Monday, January 25, 2016


So far, 2016 is looking a lot like 2015.

Three weeks into the year and we are back into frenzy mode, with multiple offers the norm for almost everything in the Denver metro area below $500k that isn’t falling down. 

The market is overflowing with frustrated buyers chasing limited inventory, just as it was in 2013, 2014 and 2015.  While I do think election-year fear mongering and a deflating stock market will cause some slowing in the second half of the year, slowing isn’t the same thing as stopping.

The bottom line is that it will take something pretty catastrophic for us not to have another solid year of appreciation, meaning that whatever you’re chasing for $400k today is going to cost you a lot more if you wait until next year.

How much, you ask? 

Well, if you assume just 5% appreciation on a $400k purchase price over the next 12 months, that’s $20,000.  Divided by 366 days (it’s a leap year), that works out to $54.64 per day for each day you wait. 

No luck today?  That’s $54.64.  Nothing tomorrow?  That’s $109.28.  Wait a week?  That’ll be $382.51. 

In fact, if you really want to make this hurt… consider what your mortgage costs would be on a $400,000 home if you closed on one this afternoon. 

Assuming a 20% down payment, that’s a $320,000 mortgage at 4% (rates are actually better than that right now, but I want the illustration to be conservative).  That payment works out to $1,528 per month.  Throw in $300 per month for taxes and another $150 per month for insurance, and your total payment is $1,978. 

Multiply that by 12 months and you get total annual payments of $23,736.  Divide that by 366 days (leap year) and you get $64.85 per day. 

So if you buy today and home prices go up 5% - a conservative estimate by almost every projection – your actual cost of home ownership for 2016 is about $10.21 per day, plus utilities.  All of a sudden, the numbers make a little more sense, don't they?

If you're renting a comparably-sized house, your rent is likely $80 per day or more, and you're getting none of the tax deductions reserved for home owners.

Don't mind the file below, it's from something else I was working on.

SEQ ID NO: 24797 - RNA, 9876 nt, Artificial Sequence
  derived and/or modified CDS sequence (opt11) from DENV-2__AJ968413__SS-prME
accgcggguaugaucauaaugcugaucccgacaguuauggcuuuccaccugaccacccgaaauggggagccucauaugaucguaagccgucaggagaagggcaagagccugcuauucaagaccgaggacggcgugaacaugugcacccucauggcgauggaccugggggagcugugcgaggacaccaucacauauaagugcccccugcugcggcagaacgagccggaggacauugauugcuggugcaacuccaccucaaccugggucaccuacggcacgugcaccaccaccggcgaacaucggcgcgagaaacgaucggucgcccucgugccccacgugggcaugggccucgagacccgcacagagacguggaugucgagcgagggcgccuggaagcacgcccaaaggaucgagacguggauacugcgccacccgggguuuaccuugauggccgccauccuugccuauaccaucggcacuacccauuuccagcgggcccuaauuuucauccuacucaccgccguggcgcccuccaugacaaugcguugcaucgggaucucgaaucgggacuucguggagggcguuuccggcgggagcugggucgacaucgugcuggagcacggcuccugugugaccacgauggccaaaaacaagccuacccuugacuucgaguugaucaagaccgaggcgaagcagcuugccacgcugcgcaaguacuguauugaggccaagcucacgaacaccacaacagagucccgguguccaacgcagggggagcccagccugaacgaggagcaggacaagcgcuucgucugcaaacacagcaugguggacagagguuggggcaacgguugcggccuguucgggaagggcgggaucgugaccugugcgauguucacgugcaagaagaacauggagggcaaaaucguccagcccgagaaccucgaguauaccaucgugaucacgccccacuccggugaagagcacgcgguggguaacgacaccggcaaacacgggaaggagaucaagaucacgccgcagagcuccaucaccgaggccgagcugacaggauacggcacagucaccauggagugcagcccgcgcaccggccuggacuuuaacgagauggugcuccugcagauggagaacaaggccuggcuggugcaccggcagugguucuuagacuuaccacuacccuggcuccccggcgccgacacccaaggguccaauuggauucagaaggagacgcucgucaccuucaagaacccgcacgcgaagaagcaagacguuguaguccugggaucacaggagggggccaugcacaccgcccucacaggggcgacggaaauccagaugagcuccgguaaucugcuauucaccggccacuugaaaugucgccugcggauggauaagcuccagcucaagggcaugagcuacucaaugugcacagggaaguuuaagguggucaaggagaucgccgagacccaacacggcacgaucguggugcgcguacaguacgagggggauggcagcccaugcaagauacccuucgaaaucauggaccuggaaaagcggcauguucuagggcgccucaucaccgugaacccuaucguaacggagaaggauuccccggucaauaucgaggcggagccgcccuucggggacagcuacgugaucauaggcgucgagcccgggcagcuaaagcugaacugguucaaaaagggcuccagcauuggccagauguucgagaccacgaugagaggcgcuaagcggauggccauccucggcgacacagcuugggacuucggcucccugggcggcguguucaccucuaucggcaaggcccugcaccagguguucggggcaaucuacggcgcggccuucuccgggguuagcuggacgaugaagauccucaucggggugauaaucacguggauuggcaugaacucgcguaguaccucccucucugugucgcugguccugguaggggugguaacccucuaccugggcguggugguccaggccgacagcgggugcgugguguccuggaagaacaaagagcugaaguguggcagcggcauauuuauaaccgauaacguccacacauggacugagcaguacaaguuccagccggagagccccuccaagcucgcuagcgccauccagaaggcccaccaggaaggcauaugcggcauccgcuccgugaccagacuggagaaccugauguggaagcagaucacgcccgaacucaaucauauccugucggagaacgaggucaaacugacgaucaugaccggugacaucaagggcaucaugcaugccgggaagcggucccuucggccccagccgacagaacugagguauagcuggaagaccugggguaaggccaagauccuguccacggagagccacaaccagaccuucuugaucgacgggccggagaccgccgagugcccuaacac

I only share this to frame the potential opportunity cost of waiting for the return of a market that has long since moved on. 

Facts are facts, and the fact is that buying a home in the Denver metro area is not necessarily a pleasant experience anymore.  It’s stressful when you find yourself sometimes waiting in lines two or three parties deep just to get in to see a house.

It’s frustrating to finally find “the one”, only to learn that seven other buyers have already written offers. 

But the people who are having success in this market – the ones who are going under contract and going to closing – those people are looking forward, not backward. 

If competing scares you, or if you are worried that there’s a trap door under the market that somebody standing behind a curtain is just waiting to pull the lever on… then just back away right now.  Go sign another lease.  Or move to a more affordable locale. 

Because in Denver, big money is showing up and it’s ready to buy, now. 

Truth is, there has never been a 10-year window where home values have gone down in Denver, ever,  We all want the deal our friend got in 2012, but it’s not going to happen.  Record low inventory.  Unemployment rate of 3.3%.  Nearly 100 people a day moving here from California alone.  CU Leeds projecting population growth of 95,000 in 2016 with more than 8,000 new jobs being created every month. 

Where are all these people going to live?

If those numbers are real, then so is the value in this market, even at 2016 prices. 

If you want to cross that bridge from renting to owning, you’re going to have to come to terms with it.  Or you’re simply going to spend another year going in circles, making someone else’s mortgage payment instead of your own while prices go up even further.